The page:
Moongypsy Press ( accepts nearly all genres, and we consider unagented material. Our guidelines are on the website. We’re open to new and established authors, and have a very talented staff of editors. We pay royalties based on net sales, and do not ask authors to pay any publishing expenses.

Small presses have always been around, but with the miracle of the internet, many more are thriving, and authors have the choice of a great variety of outlets for their work. Some specialize in certain genres. You need to do your research to find the best fit for your work. But never before have authors had such a wide range of publishers; something for every taste.

Now that the Kindle and E-book readers have come down in price and their sales are increasing, E-book sales are exploding. E-books have been around since the 90s, but never before have they been so popular. Look around on a commuter train and you’ll see many passengers absorbed in their E-book readers.

With the outlets that small presses have to offer, so many more writers than ever before can now share their talents with the world, which shrinks more and more every day!

QUESTION: What 3 historical figures would you most want to have met?

For a chance to win this book please answer the question above and leave your email address, so that we can contact you if your name is picked out as the winner!
In addition (but not a requirement) we would love you to
1) Follow us 
a) On Google Friends* -- and/or
b) On Facebook!* (1 pt each)
c) Anywhere else*  (1 pt each)

*Totally optional extras - for each follow, guest book entry, or Tweet & RT , digg etc., you'll get an extra entry - just come back here and tell us you have.
Good luck and thank you for your support!

Competition is open to all and closes: 9th November 2010
Winner announced the next day. 
While you are here, don't forget to enter the M.J. Rose competition below! 

October 2010
Author in the Spotlight Laura Tolomei
Join our Yahoo Chat & Promo group!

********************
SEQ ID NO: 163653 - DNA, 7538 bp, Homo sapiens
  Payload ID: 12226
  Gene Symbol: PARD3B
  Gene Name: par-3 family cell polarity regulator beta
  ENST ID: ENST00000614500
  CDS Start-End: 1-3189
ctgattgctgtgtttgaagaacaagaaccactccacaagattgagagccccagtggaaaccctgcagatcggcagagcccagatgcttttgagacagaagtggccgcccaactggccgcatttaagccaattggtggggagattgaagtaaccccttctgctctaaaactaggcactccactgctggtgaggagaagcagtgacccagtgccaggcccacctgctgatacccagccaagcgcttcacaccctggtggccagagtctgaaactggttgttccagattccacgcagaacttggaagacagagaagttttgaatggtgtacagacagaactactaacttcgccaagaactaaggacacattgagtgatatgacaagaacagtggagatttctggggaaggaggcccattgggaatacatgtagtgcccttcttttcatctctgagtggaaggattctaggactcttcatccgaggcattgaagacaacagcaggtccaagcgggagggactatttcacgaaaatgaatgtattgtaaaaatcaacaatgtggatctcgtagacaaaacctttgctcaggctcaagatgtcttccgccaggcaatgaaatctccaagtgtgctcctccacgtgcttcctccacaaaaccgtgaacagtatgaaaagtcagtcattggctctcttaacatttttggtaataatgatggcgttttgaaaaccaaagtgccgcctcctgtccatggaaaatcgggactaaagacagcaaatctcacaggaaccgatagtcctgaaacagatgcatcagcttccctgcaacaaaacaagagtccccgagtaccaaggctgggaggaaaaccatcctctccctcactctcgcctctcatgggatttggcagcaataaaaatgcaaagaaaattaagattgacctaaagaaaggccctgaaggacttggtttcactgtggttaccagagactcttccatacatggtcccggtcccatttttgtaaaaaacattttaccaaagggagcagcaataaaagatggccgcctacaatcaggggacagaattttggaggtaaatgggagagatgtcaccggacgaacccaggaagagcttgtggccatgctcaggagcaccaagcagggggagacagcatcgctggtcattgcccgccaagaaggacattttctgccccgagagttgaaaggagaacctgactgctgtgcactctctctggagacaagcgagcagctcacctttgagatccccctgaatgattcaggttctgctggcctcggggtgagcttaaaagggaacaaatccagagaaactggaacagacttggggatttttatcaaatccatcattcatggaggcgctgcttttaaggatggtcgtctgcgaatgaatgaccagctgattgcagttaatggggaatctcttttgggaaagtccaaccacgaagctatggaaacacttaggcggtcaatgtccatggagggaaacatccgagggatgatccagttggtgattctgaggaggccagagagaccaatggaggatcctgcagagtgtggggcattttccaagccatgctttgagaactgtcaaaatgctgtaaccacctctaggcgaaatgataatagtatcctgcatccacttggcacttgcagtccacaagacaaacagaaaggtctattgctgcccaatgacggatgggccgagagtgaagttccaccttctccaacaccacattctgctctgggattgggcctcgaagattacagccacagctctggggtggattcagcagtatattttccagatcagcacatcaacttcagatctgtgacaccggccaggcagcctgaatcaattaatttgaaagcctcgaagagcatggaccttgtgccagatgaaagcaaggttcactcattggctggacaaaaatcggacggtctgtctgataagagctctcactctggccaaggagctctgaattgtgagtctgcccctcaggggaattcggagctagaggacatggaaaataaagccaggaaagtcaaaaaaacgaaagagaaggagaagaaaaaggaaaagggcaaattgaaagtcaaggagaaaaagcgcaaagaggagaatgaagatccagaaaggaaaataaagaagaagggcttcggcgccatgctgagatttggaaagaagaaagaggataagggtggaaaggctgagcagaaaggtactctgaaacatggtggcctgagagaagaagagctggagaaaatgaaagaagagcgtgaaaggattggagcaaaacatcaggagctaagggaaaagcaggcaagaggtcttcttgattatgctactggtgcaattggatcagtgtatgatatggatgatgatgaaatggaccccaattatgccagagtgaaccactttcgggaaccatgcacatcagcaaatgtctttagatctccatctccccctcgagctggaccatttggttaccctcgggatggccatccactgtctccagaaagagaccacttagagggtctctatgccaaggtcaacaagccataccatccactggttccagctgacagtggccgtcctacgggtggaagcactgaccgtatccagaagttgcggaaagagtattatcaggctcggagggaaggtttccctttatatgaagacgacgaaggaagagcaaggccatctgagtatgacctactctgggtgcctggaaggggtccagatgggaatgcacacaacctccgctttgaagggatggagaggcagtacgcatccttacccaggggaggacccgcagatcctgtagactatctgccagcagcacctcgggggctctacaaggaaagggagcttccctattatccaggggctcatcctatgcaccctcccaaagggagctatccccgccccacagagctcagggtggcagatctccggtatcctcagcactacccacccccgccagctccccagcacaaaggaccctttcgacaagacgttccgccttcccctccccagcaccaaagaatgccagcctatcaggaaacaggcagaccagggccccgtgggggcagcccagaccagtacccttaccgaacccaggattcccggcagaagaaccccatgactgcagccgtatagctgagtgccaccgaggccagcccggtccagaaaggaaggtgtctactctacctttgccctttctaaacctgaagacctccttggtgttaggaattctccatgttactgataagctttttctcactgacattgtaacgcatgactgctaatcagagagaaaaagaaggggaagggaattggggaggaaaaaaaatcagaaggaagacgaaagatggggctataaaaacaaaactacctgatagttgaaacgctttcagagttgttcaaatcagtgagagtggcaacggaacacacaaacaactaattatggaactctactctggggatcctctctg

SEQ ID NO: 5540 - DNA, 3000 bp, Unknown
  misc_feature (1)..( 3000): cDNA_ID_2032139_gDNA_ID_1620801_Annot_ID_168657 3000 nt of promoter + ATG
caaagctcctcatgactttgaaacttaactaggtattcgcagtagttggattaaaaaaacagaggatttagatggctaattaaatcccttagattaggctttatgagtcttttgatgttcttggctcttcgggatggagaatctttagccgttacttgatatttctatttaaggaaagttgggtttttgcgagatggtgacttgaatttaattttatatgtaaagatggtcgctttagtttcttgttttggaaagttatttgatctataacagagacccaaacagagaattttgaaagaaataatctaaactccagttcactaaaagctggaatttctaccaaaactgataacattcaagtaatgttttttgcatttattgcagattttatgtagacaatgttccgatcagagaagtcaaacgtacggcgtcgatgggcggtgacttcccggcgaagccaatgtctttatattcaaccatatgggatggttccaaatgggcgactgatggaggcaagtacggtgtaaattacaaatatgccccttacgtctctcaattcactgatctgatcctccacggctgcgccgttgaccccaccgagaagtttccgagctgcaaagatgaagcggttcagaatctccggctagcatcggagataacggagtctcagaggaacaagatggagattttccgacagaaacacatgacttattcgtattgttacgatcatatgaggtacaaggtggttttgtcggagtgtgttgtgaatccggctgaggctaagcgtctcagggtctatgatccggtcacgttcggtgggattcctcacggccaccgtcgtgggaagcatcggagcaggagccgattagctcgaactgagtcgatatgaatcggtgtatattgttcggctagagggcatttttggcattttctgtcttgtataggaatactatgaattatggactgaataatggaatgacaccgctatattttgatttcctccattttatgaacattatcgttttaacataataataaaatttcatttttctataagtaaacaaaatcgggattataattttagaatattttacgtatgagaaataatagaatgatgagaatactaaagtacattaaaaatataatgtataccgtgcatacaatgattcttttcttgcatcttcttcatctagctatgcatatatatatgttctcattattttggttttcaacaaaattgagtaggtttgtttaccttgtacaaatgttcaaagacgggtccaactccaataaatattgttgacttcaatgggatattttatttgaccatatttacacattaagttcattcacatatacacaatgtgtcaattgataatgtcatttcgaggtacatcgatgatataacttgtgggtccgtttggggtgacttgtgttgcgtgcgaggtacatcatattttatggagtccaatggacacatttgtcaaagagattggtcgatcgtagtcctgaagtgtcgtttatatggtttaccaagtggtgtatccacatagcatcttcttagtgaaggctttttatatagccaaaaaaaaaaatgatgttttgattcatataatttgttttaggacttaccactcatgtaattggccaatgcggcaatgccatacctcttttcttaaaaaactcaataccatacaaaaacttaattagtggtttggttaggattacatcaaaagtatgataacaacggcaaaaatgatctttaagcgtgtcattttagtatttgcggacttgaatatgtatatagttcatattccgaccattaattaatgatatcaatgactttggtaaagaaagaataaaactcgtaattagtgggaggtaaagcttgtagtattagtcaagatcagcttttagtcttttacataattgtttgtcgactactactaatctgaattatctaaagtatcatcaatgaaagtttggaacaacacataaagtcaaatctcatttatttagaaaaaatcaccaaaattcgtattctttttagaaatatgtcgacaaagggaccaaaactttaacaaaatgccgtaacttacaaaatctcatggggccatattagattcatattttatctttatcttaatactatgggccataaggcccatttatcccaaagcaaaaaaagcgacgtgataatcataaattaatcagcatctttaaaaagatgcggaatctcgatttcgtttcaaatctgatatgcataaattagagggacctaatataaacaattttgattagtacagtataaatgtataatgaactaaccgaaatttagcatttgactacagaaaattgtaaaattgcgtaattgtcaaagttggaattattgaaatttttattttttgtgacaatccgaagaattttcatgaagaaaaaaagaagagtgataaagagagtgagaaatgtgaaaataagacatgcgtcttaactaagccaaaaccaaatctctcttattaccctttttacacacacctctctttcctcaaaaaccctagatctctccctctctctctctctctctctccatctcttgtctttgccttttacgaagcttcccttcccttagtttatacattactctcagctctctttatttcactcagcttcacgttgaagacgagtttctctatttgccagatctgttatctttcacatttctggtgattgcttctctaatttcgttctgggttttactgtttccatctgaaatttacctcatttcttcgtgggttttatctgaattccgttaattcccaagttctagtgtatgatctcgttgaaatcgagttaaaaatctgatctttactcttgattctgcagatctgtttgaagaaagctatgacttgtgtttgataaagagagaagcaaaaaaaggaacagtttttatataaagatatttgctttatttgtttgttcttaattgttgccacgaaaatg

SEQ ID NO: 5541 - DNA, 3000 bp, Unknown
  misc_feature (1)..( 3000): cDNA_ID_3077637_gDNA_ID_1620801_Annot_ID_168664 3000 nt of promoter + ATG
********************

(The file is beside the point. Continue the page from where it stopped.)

(and claim your free e-books!)
Remember the Thursday Author Chat :)
Direct links to giveaways* below!
*All giveaways are open to all unless otherwise stated. 

**If you are entering a competition but going on holiday please let us know!
Win a copy of The Hypnotist by M.J. Rose - closes 18th Oct, 2010

GIVEAWAY: Small Presses vs. the “Big Houses” – Something For Everybody GIVEAWAY: Small Presses vs. the “Big Houses” – Something For Everybody Reviewed by Sassy Brit on 9:59 am Rating: 5


  1. My choice would have been Winston Churchill, Elizabeth I (Tudor Times) and Issac Newton (he studied at Cambridge University!) Oh, and if I could have one more...Caroline Norton (Victorian campaigner for women's rights).

  2. Thanks for your comment, Brita. An interesting selection. I think the Prince Regent would be a great man to meet. I can't help thinking of Blackadder's comedy version played by Hugh Laurie. Do you get that over there?

  3. BritaAddams3:10 am

    I will have to check BBCAmerica. I love Hugh Laurie. We get him in House, sans the accent. I've seen him in several British movies though.

  4. hewella11:02 am

    I would love to meet: Queen Elizabeth 1, George Washington, and Cleopatra.

  5. Good choice! Hewella! Thanks :)


Thanks for taking the time to leave a sassy comment. It's truly appreciated. I aim to get back to you as soon as possible -- Sassy :) Powered by Blogger.